Session 231: Modelling Ethical Reform in Medieval Literature, II
Monday 6 July 2015, 14.15-15.45
|Moderator/Chair:||Justin Stover, All Souls College, University of Oxford|
|Paper 231-a||Noble Abductions and Adulteries: Baudri of Bourgueil and the Ecclesiastical Reform of Marriage|
Index terms: Canon Law, Language and Literature - Latin, Mentalities, Social History
|Paper 231-b||Tradition and Innovation in Matthew of Vendôme's Tale of Pyramus and Thisbe|
Index terms: Language and Literature - Latin, Learning (The Classical Inheritance)
|Paper 231-c||Tradition and Renewal in the Educational and Philosophical View of Michael Psellos|
Index terms: Byzantine Studies, Education, Philosophy
Considered in this light, the love story of Pyramus and Thisbe, written by Matthew of Vendôme in the first half of the 13th century, appears emblematic. The story originally formed part of Ovid’s Metamorphoses (4,55-166) but was subsequently retold by numerous authors of the medieval period.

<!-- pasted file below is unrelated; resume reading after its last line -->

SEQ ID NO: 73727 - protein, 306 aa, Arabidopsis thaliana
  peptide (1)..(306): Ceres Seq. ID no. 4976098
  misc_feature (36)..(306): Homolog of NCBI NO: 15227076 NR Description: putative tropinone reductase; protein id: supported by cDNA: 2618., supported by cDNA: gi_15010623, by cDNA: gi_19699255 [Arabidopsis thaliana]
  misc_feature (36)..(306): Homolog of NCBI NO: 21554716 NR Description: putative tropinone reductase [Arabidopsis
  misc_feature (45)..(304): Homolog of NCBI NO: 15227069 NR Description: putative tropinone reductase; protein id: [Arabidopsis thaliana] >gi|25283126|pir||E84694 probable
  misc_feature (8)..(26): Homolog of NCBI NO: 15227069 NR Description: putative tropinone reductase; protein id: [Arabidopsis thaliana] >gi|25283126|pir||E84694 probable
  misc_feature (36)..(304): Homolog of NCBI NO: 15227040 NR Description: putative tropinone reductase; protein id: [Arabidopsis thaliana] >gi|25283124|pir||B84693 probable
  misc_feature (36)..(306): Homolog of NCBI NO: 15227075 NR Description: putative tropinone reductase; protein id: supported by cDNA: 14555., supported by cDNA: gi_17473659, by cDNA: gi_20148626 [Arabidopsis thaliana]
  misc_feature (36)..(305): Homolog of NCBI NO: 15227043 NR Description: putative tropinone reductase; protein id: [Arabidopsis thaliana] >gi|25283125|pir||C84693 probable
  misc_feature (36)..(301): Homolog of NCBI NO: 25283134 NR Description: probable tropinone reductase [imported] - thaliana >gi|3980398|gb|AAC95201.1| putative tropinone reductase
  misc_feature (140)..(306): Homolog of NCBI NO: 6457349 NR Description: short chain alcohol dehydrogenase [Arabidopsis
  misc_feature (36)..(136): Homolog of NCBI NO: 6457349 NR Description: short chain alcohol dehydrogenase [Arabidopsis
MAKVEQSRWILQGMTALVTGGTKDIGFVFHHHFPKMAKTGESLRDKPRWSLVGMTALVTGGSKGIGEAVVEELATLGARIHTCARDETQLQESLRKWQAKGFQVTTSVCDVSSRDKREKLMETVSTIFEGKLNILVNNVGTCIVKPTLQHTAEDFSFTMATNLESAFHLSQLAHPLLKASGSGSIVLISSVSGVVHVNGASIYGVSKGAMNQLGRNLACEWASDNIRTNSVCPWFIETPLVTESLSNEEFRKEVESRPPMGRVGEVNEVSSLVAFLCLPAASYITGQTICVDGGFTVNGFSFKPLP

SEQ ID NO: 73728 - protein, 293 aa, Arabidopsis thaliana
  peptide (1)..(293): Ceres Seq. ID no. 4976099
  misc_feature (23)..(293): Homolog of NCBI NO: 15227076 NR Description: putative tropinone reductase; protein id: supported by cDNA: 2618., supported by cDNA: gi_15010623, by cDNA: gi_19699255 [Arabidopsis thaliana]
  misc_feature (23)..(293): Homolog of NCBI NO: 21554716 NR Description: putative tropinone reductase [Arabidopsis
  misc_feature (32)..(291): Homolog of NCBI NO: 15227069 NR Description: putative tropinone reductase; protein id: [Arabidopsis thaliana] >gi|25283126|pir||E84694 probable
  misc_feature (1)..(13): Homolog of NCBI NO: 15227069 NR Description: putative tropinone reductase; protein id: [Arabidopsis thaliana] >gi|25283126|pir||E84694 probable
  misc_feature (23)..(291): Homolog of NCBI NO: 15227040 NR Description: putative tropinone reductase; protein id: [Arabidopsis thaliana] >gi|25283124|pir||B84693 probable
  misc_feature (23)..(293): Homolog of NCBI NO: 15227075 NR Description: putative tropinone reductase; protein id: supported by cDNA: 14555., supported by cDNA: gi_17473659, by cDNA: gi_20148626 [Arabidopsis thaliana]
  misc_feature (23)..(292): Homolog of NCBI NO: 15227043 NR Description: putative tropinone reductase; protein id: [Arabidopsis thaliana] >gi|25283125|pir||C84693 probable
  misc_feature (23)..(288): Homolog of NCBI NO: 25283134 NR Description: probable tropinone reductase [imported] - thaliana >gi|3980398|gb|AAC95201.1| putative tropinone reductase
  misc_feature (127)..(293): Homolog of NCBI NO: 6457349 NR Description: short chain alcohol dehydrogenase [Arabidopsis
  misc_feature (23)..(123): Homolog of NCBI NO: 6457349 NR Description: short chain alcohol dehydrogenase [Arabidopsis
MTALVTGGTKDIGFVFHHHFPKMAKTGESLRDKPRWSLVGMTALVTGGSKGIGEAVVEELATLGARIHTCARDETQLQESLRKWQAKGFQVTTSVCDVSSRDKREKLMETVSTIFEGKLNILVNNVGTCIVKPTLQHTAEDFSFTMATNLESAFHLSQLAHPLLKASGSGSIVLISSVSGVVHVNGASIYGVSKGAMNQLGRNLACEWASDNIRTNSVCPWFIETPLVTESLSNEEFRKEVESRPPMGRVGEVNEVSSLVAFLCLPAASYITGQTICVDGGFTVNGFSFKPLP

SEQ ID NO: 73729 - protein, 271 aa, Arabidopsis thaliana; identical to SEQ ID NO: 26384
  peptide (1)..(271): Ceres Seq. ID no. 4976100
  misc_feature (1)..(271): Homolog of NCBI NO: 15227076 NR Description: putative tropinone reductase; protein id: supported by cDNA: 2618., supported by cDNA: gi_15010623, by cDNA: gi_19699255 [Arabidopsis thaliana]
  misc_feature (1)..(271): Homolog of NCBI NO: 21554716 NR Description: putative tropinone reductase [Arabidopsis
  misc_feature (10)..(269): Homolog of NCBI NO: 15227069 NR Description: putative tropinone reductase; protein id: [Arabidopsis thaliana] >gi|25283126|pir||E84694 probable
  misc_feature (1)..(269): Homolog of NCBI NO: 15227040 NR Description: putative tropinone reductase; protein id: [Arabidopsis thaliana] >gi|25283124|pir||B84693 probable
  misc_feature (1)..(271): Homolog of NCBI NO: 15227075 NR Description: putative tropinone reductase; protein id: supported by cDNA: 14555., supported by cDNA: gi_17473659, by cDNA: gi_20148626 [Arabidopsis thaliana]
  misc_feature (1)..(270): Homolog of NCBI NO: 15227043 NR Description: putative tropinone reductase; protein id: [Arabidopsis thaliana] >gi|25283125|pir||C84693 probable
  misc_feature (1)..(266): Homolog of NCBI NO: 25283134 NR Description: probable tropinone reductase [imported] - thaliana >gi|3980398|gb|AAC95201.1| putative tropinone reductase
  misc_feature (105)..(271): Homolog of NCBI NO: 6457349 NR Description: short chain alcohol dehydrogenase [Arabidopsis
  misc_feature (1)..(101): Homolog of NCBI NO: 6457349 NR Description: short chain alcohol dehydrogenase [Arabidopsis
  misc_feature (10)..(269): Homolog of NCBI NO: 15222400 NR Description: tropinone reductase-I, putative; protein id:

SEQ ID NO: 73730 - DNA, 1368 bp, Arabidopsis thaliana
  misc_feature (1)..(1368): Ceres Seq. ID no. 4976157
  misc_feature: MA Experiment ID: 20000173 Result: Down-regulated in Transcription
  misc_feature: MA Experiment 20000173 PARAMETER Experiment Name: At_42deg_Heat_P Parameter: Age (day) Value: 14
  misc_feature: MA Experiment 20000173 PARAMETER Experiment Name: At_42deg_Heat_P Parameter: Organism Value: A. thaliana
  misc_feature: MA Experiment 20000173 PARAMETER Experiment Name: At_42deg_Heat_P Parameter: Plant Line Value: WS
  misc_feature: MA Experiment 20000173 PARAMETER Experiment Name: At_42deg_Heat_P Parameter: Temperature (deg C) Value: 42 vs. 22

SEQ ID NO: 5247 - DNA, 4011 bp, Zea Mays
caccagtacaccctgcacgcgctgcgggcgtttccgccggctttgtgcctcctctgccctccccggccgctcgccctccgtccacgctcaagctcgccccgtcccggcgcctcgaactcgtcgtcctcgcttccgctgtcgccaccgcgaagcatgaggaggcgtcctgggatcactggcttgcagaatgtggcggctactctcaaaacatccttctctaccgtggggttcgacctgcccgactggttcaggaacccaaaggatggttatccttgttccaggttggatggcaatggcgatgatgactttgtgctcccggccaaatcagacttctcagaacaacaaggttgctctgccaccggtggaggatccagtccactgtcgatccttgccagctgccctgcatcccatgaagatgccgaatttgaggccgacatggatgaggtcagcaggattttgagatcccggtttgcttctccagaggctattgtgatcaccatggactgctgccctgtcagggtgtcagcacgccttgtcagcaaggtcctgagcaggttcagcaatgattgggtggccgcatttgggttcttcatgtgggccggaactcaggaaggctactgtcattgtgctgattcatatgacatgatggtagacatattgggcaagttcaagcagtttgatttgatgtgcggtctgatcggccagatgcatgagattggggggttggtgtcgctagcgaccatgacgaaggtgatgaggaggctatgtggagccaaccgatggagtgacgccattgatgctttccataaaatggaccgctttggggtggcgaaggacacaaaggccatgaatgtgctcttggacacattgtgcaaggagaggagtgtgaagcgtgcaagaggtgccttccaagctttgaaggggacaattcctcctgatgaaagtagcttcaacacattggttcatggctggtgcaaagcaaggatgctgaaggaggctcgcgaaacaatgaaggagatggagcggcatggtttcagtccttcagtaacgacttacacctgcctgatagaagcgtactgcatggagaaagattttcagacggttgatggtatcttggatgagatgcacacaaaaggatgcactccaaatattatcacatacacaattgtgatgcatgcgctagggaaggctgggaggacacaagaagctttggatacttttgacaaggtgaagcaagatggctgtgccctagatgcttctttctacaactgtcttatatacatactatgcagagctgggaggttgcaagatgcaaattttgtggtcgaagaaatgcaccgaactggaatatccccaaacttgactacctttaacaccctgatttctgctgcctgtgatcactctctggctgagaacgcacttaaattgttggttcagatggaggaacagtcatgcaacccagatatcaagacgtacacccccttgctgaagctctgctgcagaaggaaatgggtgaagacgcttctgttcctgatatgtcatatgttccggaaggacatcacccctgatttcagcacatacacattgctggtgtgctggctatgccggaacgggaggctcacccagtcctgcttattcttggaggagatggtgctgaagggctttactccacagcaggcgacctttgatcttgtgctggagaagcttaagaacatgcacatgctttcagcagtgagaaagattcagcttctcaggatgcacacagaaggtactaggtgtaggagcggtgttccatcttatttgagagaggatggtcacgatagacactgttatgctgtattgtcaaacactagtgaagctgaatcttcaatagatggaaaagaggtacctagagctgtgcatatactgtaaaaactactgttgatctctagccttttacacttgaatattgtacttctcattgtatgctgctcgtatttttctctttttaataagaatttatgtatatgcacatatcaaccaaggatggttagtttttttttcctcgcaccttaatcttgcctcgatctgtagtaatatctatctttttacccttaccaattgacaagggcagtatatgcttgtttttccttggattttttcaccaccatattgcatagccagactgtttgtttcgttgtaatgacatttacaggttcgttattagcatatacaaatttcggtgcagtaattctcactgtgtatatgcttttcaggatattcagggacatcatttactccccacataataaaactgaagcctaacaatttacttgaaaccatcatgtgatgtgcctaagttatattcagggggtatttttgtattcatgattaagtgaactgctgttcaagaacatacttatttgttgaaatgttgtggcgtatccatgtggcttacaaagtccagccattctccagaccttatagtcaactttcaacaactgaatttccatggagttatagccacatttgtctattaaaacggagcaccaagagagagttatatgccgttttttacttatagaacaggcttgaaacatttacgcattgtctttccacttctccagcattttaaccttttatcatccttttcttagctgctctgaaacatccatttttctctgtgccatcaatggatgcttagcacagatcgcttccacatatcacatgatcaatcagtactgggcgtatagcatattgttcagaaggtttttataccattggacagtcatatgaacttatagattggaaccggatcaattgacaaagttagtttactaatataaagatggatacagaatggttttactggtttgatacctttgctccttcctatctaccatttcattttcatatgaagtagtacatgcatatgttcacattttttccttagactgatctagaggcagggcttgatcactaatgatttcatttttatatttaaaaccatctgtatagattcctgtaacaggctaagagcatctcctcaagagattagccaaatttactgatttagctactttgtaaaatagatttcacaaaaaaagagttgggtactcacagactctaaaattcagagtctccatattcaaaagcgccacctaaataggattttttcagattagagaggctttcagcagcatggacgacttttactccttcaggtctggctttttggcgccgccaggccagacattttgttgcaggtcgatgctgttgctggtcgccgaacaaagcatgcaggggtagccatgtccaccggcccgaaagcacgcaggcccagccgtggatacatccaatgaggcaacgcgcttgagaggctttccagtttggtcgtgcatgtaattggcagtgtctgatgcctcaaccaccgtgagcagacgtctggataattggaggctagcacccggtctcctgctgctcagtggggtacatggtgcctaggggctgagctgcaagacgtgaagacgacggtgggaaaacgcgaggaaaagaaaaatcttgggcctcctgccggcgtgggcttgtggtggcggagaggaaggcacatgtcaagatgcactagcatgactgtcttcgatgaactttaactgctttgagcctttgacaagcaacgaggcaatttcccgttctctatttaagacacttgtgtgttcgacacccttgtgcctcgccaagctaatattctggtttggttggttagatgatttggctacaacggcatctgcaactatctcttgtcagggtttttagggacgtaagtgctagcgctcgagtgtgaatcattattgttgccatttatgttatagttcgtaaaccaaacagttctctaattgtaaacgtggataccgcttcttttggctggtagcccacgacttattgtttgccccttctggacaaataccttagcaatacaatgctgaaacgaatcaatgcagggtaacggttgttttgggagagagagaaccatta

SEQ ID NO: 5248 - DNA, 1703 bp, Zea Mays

My analysis will attempt to shed light on the means by which Matthew of Vendôme obviously draws inspiration from the Ovidian myth while at the same time incorporating numerous new and meaningful elements to the Ovidian original. I refer, for instance, to the youth of two lovers, a particular aspect of the tale on which Matthew of Vendôme insists, an aspect destined to arouse compassion in readers unable to remain indifferent to the tragic inexperience and naivety of the two. Moreover, Matthew of Vendôme connects the theme of ‘one soul in bodies twain’ with the sentimental aspect of the dramatic event, emphasizing the paradoxical condition of young lovers, who would like to be joined as one. This wish, evidently unattainable during their earthly life, leads the two lovers to a desperate suicide fueled by the Christian hope in union after death.